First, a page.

Jack the Ripper Museum: A Cultural Controversy

East End London map with locations marked.Credit: Jack-the-ripper-walk.co.uk

I’ve seen couples posing for romantic photos at the Holocaust Memorial in Berlin, and children use it as a playground, leaving sweet wrappers behind; I’ve seen bored teenagers struggling to feign interest at Sachsenhausen concentration camp. In those cases it was the visitors, not the attractions, lacking emotional intelligence and leaving me speechless.

London’s Jack the Ripper Museum, in the heart of Whitechapel, has gone one step further in terms of emotional intelligence failures, by actively encouraging tourists to mock murder victims. The appalling serial killings of Victorian prostitutes are offered as the perfect subject for a selfie or two this Halloween weekend. A recent press release, publicising the museum as a Halloween attraction, suggests visitors take “a selfie with the serial killer” (or, at least, a mysterious bloke in a top hat). Fancy “a picture with Jack in Mitre Square together with the body of Catherine Eddowes”? Go ahead. It’s not like Eddowes can complain, right?

Ripper Museum in Whitechapel dedicated to scandalous murders. Builder standing outside with ladder
An early photo of the museum taking shape in Cable Street. Credit: Lonniebeee via Instagram (https://instagram.com/p/5Xk9afqTet).

Brand Perceptions

Though the press release is still on the internet, the accompanying press photos are no longer available. To get a better idea of what’s involved on a normal visit, you can see historian Fern Riddell’s verdict of the museum, and Nicola Sullivan’s review for Museums Journal, which points you towards some dubious gift shop offerings – the standard Jack the Ripper mug has already sold out, but (fortunately?!) the bloodied latte glass is still available, or try the £45 top hat designed to make you resemble Jack (just for LOLs).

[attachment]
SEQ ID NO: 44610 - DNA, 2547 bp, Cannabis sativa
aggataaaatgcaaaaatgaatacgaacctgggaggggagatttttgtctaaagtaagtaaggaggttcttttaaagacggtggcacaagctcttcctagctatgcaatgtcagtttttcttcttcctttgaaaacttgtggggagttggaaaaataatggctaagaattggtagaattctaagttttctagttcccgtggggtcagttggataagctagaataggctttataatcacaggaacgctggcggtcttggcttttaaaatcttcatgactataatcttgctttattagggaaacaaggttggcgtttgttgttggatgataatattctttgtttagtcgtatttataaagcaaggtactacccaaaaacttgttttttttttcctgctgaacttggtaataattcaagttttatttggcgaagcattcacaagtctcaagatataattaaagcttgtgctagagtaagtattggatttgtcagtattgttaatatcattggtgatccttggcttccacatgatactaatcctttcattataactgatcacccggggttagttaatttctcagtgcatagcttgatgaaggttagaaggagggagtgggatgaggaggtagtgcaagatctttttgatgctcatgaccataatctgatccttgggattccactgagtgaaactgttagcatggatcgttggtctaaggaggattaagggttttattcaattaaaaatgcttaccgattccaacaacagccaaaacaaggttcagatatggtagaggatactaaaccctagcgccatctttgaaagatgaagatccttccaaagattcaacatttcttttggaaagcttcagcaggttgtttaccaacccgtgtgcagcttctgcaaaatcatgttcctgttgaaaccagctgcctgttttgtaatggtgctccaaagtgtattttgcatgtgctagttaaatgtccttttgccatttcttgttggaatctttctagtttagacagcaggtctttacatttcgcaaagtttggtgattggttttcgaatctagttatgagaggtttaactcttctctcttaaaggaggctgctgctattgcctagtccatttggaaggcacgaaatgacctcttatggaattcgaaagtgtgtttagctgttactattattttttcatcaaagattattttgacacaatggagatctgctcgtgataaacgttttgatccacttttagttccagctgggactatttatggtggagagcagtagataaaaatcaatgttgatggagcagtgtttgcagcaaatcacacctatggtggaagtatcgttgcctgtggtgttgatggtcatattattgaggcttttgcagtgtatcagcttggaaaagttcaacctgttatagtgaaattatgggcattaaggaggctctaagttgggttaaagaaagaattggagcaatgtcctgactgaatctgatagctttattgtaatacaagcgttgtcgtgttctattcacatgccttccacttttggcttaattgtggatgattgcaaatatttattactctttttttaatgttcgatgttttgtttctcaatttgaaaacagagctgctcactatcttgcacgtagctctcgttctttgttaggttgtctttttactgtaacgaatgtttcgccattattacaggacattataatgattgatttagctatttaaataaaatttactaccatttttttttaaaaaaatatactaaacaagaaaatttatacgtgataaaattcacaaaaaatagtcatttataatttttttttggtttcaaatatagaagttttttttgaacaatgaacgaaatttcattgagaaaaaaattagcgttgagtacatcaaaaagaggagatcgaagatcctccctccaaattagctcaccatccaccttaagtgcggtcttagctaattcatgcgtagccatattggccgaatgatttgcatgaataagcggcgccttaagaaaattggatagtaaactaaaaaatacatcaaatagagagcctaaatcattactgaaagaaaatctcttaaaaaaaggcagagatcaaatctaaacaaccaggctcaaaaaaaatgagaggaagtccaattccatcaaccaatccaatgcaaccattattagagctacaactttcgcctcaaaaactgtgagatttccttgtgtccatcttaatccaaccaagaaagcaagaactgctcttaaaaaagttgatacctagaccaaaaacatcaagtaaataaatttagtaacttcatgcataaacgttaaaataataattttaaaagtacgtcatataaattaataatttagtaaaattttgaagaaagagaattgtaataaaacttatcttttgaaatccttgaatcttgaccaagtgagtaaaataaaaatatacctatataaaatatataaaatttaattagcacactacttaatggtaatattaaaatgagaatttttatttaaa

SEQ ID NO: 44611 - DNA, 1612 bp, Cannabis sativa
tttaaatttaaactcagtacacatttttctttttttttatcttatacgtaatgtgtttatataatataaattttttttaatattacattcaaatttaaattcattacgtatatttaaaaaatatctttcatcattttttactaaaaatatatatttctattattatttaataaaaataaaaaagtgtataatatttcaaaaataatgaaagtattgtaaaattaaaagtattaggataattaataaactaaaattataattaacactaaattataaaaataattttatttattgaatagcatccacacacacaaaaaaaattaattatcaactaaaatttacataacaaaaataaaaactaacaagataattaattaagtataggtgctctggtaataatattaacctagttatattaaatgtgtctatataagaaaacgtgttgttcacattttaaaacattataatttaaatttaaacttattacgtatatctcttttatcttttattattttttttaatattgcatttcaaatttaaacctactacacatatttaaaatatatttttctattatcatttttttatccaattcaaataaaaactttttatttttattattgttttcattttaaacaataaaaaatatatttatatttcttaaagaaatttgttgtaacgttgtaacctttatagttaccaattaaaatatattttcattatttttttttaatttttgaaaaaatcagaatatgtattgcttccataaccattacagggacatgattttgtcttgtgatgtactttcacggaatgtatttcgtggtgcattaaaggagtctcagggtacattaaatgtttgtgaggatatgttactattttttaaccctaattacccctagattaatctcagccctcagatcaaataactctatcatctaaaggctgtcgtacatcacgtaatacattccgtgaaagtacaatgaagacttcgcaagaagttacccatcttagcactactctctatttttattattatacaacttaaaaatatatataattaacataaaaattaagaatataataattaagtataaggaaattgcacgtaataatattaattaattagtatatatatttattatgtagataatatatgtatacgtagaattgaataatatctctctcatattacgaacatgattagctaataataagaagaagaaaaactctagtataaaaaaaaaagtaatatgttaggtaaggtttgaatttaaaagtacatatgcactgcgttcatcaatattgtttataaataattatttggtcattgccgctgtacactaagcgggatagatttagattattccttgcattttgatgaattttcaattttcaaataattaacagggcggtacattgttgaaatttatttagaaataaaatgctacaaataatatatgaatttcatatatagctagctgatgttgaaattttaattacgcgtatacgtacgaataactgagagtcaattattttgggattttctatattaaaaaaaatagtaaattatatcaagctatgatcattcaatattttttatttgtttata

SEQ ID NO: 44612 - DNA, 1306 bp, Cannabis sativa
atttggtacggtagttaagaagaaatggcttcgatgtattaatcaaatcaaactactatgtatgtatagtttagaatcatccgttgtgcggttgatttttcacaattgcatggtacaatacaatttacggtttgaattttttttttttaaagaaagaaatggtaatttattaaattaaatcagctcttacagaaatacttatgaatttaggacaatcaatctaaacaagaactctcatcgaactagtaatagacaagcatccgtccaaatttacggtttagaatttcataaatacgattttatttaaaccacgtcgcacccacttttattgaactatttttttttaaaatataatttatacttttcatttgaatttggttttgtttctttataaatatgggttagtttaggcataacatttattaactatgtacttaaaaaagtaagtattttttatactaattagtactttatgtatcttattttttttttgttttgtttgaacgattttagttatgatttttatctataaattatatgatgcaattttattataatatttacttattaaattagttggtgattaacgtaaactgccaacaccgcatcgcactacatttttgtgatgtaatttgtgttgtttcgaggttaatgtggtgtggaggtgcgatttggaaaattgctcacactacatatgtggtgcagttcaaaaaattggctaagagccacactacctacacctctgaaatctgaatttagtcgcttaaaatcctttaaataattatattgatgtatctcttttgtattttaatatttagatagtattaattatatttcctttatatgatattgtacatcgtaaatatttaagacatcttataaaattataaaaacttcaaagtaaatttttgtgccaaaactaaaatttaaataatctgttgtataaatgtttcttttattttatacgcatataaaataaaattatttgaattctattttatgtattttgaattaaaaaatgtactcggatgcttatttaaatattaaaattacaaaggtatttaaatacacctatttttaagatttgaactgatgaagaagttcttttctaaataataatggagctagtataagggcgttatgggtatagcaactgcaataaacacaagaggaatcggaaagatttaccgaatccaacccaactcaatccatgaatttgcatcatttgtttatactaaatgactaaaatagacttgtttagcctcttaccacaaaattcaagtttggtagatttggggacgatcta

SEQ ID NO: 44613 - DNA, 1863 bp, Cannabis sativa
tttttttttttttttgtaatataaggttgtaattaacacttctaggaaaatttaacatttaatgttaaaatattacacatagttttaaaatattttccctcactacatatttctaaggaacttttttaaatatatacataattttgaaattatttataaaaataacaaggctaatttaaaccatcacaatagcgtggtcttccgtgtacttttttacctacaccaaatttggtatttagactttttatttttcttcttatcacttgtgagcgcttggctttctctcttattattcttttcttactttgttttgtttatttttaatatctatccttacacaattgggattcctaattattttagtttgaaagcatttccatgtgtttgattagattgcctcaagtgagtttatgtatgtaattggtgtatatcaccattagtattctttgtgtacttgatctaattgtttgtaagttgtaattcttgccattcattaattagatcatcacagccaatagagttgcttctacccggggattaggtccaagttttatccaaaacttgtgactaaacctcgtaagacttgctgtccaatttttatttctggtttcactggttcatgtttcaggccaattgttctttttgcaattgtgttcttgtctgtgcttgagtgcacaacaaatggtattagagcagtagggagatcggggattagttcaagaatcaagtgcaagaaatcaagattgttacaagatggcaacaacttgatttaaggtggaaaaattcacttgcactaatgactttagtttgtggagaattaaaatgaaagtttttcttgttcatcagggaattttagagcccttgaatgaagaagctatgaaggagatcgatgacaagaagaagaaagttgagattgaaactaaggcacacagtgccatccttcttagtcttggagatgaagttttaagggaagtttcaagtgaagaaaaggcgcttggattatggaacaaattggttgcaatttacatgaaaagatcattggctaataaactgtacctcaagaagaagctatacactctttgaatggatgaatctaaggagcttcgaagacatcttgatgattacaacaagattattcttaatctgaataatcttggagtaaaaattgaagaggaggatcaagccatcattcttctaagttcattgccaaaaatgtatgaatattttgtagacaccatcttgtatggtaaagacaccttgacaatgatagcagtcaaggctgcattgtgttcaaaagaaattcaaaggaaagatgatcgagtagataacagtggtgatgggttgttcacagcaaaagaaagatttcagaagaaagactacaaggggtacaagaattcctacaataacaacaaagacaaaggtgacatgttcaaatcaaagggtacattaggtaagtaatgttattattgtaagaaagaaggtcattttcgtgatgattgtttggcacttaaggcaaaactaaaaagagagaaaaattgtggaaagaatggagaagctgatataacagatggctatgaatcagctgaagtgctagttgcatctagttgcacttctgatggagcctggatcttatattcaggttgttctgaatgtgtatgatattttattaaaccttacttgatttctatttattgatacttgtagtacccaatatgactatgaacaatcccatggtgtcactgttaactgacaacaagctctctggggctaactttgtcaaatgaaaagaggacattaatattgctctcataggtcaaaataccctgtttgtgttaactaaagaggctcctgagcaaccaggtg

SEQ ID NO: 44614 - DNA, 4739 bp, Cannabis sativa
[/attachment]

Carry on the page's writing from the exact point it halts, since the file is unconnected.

Merchandise bears a logo of a silhouetted Ripper figure next to a pool of blood: “reducing the women of the East End to a red smudge,” as Liz McKenzie, a research fellow writing for the Times Higher Education supplement, put it. What makes the whole concept even weirder is that this wasn’t meant to be a Ripper attraction or a dark tourism site at all – it was proposed as a Museum of Women’s History.

Ripper murder victim Annie Chapman seen in detailed drawing with doctor and related figures in her story
An illustration at the time, telling the story of the second canonical murder victim, Annie Chapman.

Not As Described